Tracking wild fires in Google Earth

It is fire season in the western states of the US and one recent fire in California has been named the fourth most destructive in California’s history. US president Obama has declared it a major disaster.

  • We have looked at a number of resources for tracking wild fires in the past. The best ones include:

  • The US Department of Agriculture Forest Service provides a variety of fire information via KMLs. To get all the data at once download this KML.

  • One of the sources of data used is NASA’s Moderate Resolution Imaging Spectroradiometer (MODIS) whose data can be obtained directly from NASA via this web page. NASA provides MODIS data for the whole globe. You can get fire data for a particular region of the earth, or download KMLs with data for the whole globe. Keep in mind that the the global ones are quite big and may cause performance issues in Google Earth.

The Californian government provides a website called CAL FIRE which includes a lot of information about fires, including this map of wild fires in California showing the actual extents of the fires. You can view it in Google Earth with this KML file.

As far as we can tell, the most recent imagery in Google Earth is from August 18th, so we cannot currently see the damage caused by the fires. However, it is possible to download Landsat imagery and view it in Google Earth and actually see some of the land affected by the recent fires. We previously experimented with getting Landsat data into Google Earth. The method we showed you required some rather large downloads. We have since found that if quality is not an issue then the easiest way to quickly check Landsat imagery is as follows:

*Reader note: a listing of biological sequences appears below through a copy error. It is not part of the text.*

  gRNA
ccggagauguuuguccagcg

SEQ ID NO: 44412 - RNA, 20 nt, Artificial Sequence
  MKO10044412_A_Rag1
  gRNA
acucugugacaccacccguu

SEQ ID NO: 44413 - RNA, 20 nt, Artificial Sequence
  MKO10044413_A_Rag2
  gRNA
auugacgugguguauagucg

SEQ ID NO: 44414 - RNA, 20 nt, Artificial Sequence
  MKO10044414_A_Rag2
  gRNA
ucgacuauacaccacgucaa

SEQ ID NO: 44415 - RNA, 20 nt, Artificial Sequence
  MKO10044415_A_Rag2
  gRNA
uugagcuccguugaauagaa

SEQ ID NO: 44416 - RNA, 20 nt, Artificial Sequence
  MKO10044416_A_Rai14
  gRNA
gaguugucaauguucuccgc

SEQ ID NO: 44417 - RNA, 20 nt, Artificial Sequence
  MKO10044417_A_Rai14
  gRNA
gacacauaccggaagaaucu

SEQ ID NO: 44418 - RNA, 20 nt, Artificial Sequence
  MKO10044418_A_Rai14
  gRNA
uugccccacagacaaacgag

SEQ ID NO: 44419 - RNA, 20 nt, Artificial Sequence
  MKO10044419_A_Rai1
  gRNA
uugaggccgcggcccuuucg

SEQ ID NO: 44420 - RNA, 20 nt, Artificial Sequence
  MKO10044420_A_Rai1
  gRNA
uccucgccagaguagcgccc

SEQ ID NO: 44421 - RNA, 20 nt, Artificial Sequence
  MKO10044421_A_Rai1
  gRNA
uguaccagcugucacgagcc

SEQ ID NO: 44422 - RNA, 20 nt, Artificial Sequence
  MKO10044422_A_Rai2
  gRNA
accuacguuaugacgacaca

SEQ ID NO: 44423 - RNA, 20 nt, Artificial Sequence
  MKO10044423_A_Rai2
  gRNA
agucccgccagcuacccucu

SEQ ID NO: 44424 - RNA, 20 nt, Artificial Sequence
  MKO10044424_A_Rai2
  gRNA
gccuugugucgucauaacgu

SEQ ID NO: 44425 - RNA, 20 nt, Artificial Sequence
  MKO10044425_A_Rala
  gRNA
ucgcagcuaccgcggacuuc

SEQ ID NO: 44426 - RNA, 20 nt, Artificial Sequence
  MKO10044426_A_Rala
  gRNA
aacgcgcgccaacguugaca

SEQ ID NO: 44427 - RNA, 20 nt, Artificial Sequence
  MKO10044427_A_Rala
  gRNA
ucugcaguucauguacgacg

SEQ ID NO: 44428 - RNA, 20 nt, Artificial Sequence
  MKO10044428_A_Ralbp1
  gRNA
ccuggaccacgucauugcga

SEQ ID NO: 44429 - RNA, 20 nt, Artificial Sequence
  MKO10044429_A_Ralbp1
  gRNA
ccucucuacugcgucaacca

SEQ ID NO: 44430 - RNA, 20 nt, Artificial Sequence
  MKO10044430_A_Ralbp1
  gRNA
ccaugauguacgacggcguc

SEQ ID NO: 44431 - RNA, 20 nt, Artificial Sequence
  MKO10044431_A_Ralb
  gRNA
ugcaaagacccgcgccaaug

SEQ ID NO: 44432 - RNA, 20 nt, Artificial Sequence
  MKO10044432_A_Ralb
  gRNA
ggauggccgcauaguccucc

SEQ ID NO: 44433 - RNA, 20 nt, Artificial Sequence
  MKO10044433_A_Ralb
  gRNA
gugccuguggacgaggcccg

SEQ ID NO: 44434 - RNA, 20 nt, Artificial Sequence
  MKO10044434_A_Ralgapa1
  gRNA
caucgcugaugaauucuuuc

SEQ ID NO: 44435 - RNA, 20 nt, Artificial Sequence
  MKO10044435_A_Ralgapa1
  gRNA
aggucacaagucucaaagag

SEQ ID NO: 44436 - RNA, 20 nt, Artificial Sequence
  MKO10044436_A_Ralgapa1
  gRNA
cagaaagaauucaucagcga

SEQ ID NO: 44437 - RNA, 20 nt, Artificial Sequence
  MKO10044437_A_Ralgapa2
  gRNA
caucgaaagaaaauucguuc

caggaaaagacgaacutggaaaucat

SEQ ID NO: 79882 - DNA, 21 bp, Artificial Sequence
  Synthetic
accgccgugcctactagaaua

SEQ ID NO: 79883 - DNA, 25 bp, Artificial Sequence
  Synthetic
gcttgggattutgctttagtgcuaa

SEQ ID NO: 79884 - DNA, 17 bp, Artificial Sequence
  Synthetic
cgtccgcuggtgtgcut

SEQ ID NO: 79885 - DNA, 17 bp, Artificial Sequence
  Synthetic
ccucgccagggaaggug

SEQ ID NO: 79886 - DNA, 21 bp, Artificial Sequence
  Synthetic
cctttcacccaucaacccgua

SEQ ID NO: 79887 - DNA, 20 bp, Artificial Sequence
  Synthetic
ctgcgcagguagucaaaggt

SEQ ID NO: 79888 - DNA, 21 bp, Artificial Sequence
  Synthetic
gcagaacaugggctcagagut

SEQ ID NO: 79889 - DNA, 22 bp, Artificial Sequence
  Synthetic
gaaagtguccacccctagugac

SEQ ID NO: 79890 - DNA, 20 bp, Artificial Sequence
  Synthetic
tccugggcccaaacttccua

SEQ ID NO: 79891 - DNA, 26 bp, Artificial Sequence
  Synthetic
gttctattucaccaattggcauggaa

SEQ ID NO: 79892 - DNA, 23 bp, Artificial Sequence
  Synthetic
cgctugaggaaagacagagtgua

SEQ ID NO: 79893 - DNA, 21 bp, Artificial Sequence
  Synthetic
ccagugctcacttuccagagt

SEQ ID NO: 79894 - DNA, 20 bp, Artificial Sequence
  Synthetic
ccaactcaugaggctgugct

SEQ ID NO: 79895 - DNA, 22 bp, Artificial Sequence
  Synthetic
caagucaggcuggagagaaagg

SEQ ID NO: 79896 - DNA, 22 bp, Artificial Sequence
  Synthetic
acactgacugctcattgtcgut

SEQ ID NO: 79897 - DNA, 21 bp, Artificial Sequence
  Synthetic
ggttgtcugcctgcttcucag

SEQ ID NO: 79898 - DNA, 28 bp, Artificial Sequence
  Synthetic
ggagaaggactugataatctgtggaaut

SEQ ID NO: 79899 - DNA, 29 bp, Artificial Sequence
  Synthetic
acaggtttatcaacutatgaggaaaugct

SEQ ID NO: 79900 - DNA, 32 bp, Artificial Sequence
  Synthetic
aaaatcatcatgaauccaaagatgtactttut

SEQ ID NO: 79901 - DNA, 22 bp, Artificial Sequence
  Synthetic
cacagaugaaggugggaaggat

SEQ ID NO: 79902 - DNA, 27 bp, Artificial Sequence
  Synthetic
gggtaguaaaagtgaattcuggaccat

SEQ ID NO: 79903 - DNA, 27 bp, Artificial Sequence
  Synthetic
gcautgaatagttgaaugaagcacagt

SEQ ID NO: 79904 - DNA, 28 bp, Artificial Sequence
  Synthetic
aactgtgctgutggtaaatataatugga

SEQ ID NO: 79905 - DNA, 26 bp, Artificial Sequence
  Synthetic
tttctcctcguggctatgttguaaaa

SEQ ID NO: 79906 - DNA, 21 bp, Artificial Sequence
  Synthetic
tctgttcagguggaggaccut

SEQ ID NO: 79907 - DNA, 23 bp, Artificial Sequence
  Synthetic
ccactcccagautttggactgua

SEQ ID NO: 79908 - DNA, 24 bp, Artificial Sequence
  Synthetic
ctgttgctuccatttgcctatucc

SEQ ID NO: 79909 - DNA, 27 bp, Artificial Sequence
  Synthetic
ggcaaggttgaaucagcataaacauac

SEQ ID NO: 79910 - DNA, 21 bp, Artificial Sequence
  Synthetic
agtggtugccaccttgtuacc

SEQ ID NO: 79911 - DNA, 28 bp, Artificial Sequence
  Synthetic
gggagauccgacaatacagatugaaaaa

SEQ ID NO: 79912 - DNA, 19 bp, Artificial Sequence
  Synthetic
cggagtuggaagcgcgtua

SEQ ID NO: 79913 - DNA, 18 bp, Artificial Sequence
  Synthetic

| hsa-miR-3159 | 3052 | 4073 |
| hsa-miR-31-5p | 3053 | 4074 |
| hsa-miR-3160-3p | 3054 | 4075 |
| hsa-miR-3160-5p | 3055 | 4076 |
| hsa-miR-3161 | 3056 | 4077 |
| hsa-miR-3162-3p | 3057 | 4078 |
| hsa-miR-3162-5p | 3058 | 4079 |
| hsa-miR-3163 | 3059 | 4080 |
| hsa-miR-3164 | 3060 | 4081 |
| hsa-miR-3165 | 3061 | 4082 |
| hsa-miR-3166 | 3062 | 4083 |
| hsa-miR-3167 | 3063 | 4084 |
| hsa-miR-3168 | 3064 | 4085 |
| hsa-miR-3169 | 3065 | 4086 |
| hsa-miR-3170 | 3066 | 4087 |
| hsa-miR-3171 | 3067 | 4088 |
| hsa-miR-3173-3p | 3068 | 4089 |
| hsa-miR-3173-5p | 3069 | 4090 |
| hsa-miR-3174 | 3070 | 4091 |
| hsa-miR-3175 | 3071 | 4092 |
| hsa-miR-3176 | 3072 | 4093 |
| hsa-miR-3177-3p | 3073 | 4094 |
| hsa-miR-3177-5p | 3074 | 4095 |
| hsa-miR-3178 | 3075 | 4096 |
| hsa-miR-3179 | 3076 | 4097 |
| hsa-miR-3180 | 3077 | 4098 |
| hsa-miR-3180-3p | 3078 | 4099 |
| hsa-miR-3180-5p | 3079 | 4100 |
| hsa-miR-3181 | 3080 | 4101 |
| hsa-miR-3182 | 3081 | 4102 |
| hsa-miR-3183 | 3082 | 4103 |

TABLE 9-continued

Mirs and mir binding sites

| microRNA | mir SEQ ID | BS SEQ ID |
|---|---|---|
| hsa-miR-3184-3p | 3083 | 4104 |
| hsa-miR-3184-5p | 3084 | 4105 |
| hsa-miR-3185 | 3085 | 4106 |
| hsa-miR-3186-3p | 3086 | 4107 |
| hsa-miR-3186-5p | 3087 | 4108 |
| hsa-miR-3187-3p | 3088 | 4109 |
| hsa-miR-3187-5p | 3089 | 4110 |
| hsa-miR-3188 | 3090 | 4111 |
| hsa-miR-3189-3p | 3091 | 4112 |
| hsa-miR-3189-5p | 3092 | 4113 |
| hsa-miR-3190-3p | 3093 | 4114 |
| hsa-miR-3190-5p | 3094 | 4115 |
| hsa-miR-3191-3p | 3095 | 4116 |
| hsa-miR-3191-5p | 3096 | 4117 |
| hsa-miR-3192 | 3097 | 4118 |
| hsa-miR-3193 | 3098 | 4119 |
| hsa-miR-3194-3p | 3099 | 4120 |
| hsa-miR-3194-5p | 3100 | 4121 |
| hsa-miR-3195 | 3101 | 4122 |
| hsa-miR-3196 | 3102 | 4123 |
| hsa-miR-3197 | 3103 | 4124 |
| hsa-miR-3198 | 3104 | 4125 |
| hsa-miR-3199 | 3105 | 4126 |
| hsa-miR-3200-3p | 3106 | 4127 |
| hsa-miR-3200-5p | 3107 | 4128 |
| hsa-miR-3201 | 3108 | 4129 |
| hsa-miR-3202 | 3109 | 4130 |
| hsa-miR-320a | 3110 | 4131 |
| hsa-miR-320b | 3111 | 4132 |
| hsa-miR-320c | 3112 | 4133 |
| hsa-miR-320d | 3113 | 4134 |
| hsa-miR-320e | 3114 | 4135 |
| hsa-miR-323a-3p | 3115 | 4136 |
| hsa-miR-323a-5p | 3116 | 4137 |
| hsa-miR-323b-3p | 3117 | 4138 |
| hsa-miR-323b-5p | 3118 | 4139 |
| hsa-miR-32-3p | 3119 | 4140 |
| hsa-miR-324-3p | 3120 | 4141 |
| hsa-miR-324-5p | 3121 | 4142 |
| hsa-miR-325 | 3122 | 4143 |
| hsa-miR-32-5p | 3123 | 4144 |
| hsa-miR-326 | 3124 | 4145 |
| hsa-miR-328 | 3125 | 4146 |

• The following instructions require Google Earth Pro (which is free).
  • Start with USGS Earth Explorer. Find the location you are interested in and mark it on the map.
  • On the datasets tab, select Landsat Archive->L8 OLI/TIRS
  • Click the ‘Results’ button.
  • Choose an image closest to the date you are interested in. Ignore any night time images (almost entirely black). In our case we found one covering part of California just north of San Francisco, captured on September 20th.
  • Click the icon next to the image labelled ‘download options’.
  • Download the file labelled “LandsatLook images with Geographic Reference”.
  • Unzip the downloaded files to a folder on your computer.
  • Find the file named with just the Landsat reference number and a .jpg extension. Drag it to Google Earth Pro.
  • Google Earth Pro automatically detects where to place it and creates an image overlay for you. However, it says that the image exceeds the maximum allowed size. You can choose to either crop the image, or scale it. In our case we chose to scale it.

This is what the result looks like in Google Earth:


To view it in Google Earth you can simply download this KML file.

Comparing this with the above mentioned CAL FIRE map, we find that the two large brown patches south-east of Clear Lake almost exactly match the outlines given for Valley Fire, Jerusalem Fire and Rocky Fire.


Getting the outlines to show on top of the image overlay required adjusting their altitude to 1000m above ground.


Fires detected by MODIS in the last 24 hours in central Africa. There are actually far more fires in Africa right now than in California. Hopefully they are less devastating.

About Timothy Whitehead

Timothy has been using Google Earth since 2004 when it was still called Keyhole before it was renamed Google Earth in 2005 and has been a huge fan ever since. He is a programmer working for Red Wing Aerobatx and lives in Cape Town, South Africa.



Comments

  1. I run a group on Facebook called “Google Earth Fire Watch Plus”. Come check out the group and join up.

  2. Christiaan Adams says:

    Timothy, we have fresh imagery of the fires available in this KML file:
    http://mw1.google.com/crisisresponse/2015/us_wildfires/2015_us_wildfires_imagery_nl.kml

  3. Yes #Butte and #Valley both.

  4. There is a newer, higher resolution instrument, VIIRS, now in operation mapping thermal surface features, including wildfires. See these pages- http://viirsfire.geog.umd.edu/, http://activefiremaps.fs.fed.us/gisdata.php, http://activefiremaps.fs.fed.us/googleearth.php and http://activefiremaps.fs.fed.us/imagery_viirs.php.

  5. Interesting

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